Before Donald J. became President Trump, he made public his lack of knowledge regarding digital technology. At one of the presidential debates, Trump lumbered through an incoherent argument on cybersecurity, making statements like “The security aspect of cyber is very, very tough. And maybe, it’s hardly doable,” and “When you look at what ISIS is doing with the Internet, they’re beating us at our own game.”
However, all those months ago, one thing Trump said about cybersecurity actually rang true: “We have to do better.”
While many U.S. citizens remain fearful of car bombs and hijacked planes, terrorism is slowly and surely moving online. In recent years, terrorist groups have attacked a number of organizations, including Sony, Microsoft, and (arguably) Ashley Madison, and it won’t be long before nations begin waging fully cyberwars. Just before he left office, President Obama began making moves to counter cyberterrorism and protect the U.S. against cyberwarfare with a commission on enhancing national cybersecurity, but one study found that nearly 75 percent of intelligence officials doubt President Trump understands the gravity of protecting “the cyber.” Thus, in a time when governments should be investing in cyber-protections to safeguard its people and assets, America might be leaving its secrets and therefore its citizens vulnerable.
Avenues for Cyberwar
In 2010, cybersecurity experts identified the first-ever digital weapon, malware called Stuxnet that could cause physical damage – potentially on a massive scale. The malicious files can easily manipulate a computer, like any other virus; however, more importantly and absolutely unique to Stuxnet, the files can control any equipment infected computers control. In the case of Stuxnet, that meant the centrifuges at a uranium enrichment facility in Iran, but it could mean the controls within nuclear reactors or nuclear warhead sites. Stuxnet proves that not only is cyberwarfare possible, – it is probable, and it could happen in the near future.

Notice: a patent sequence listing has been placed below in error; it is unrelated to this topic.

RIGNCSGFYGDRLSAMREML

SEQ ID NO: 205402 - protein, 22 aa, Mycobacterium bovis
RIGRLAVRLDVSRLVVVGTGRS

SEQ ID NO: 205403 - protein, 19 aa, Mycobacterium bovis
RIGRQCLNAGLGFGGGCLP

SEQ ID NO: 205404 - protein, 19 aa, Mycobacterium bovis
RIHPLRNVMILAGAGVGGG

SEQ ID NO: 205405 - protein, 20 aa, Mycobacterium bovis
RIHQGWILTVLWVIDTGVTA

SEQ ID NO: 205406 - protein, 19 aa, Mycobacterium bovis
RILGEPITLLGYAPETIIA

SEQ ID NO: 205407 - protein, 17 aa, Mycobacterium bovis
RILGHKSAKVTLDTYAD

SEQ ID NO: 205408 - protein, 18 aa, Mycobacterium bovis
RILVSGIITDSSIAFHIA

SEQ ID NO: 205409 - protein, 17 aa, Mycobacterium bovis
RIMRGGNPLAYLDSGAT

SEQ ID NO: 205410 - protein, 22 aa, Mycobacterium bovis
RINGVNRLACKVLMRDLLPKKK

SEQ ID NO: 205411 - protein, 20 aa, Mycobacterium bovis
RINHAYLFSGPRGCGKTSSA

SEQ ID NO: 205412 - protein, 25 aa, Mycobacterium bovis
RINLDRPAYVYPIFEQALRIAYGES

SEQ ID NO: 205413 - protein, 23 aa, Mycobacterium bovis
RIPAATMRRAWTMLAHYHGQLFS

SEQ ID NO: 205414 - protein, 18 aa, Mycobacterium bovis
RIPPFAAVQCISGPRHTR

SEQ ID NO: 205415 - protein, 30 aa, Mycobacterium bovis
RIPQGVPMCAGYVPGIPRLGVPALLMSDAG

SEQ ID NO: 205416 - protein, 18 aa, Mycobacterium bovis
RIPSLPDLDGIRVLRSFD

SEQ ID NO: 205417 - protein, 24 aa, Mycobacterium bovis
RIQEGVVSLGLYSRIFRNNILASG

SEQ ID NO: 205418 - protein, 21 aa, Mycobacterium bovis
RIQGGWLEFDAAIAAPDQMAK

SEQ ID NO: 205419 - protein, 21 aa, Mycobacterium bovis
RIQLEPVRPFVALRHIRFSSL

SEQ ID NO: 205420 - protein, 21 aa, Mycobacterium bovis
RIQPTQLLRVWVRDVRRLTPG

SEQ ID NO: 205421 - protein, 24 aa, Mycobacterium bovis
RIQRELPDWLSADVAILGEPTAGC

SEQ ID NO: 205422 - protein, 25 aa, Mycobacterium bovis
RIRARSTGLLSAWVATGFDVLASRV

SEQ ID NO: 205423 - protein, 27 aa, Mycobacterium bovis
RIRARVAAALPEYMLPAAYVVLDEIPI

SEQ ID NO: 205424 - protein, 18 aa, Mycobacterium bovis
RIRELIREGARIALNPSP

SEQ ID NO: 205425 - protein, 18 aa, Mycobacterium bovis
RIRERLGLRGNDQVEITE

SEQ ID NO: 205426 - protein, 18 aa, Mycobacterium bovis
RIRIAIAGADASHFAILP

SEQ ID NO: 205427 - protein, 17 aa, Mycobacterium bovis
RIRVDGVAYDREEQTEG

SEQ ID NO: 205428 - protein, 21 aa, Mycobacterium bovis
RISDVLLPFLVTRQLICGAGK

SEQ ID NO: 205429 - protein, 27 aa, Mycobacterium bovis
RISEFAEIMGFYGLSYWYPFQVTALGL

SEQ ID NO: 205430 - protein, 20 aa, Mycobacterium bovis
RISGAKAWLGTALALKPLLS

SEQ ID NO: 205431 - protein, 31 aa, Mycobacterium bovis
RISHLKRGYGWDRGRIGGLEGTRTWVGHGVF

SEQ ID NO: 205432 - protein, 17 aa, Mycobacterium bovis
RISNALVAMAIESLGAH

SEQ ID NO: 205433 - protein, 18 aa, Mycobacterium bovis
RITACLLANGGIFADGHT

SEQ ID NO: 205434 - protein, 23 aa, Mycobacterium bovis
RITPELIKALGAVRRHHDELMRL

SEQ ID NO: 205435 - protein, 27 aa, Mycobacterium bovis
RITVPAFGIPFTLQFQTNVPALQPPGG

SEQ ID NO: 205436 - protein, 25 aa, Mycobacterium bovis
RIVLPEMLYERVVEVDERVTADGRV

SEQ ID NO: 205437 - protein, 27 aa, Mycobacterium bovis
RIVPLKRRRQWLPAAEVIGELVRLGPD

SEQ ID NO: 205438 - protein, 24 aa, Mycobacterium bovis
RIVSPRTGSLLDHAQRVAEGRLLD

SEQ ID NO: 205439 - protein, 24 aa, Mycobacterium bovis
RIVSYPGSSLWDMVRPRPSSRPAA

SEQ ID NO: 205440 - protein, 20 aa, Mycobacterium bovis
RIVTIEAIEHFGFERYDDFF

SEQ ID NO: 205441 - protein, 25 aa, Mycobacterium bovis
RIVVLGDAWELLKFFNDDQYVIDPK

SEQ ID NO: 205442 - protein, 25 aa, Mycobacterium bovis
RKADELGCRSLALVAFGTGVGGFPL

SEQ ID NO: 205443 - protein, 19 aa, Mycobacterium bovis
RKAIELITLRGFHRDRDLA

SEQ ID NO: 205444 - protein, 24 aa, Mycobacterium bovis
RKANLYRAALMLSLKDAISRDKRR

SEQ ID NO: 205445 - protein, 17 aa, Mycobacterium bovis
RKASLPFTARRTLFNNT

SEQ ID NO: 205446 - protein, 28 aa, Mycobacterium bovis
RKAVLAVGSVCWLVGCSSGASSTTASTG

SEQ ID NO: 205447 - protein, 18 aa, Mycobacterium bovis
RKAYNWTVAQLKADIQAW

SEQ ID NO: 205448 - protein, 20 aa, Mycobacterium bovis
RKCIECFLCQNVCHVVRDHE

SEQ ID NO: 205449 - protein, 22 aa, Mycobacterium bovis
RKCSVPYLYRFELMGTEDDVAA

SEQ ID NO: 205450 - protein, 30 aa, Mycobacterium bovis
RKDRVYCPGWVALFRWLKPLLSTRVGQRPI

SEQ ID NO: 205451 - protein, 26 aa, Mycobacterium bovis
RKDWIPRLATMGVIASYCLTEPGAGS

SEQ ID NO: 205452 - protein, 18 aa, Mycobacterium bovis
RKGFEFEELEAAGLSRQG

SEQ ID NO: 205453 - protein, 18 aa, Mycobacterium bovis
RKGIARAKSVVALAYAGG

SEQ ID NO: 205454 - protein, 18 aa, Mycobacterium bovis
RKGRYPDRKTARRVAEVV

However, even this type of cyberwarfare is developing at a relatively slow pace. More often, cyber-aggression takes a form similar to the attacks on Sony Pictures, which the U.S. government claims were ordered by North Korea. That same year, North Korea saw its entire web and internet infrastructure go down for nearly 10 hours after an attack that many suspect was retaliation from the U.S. This is the cyberwarfare most experts expect: theft of data and disabling of systems. It is already occurring, but the U.S. is woefully unprepared to handle increasing threats, and in many ways it is leaving private citizens to fend for themselves with maximum internet security software and other small-scale, individual protections.
How the Government Could Respond
Instead, President Trump and his administration could address the looming cyber-threats head-on with a strong plan for nationwide security. The most pressing issue, many experts agree, is that the tech industry remains largely unregulated. Most of the IT infrastructure used by citizens, businesses, and the American government is wholly in the hands of private enterprises, which are interested primarily in producing new, exciting, and profit-making products, often regardless of their security. Ideally, the government would draw strict lines between private and public cybersecurity roles and create mandatory standards for private devices – but the GOP’s fondness for deregulation makes this action unlikely.
Alternatively, Trump could inspire change in the tech industry by leveraging the government’s position as perhaps the largest customer of technology. Demanding vendors meet certain security standards would spark competition for advanced security throughout the industry as hopeful companies contend to win coveted government contracts. Never before has the government used acquisition requirements; instead, there are recommendations, but even those are not stringent enough – they pale in comparison to suggestions the government gives to banks.
Finally, the government could open its doors to cybersecurity professionals, teaching them what it knows about existing and emerging cyber-threats. As it is, security experts often learn about threats after they have already wrought havoc on businesses and citizens. Government trainings could help the tech industry get ahead of digital dangers, helping everyone become better protected.
In his short time in office, President Trump has weathered an inordinate amount of allegations about cyber insecurity – first that the Russians hacked political groups to influence the election, then that Obama and the CIA digitally infiltrated Trump’s campaign. If the cyber-scandals already affecting President Trump’s legacy do not spur him to improve America’s cybersecurity, perhaps a full-on cyberwar will.
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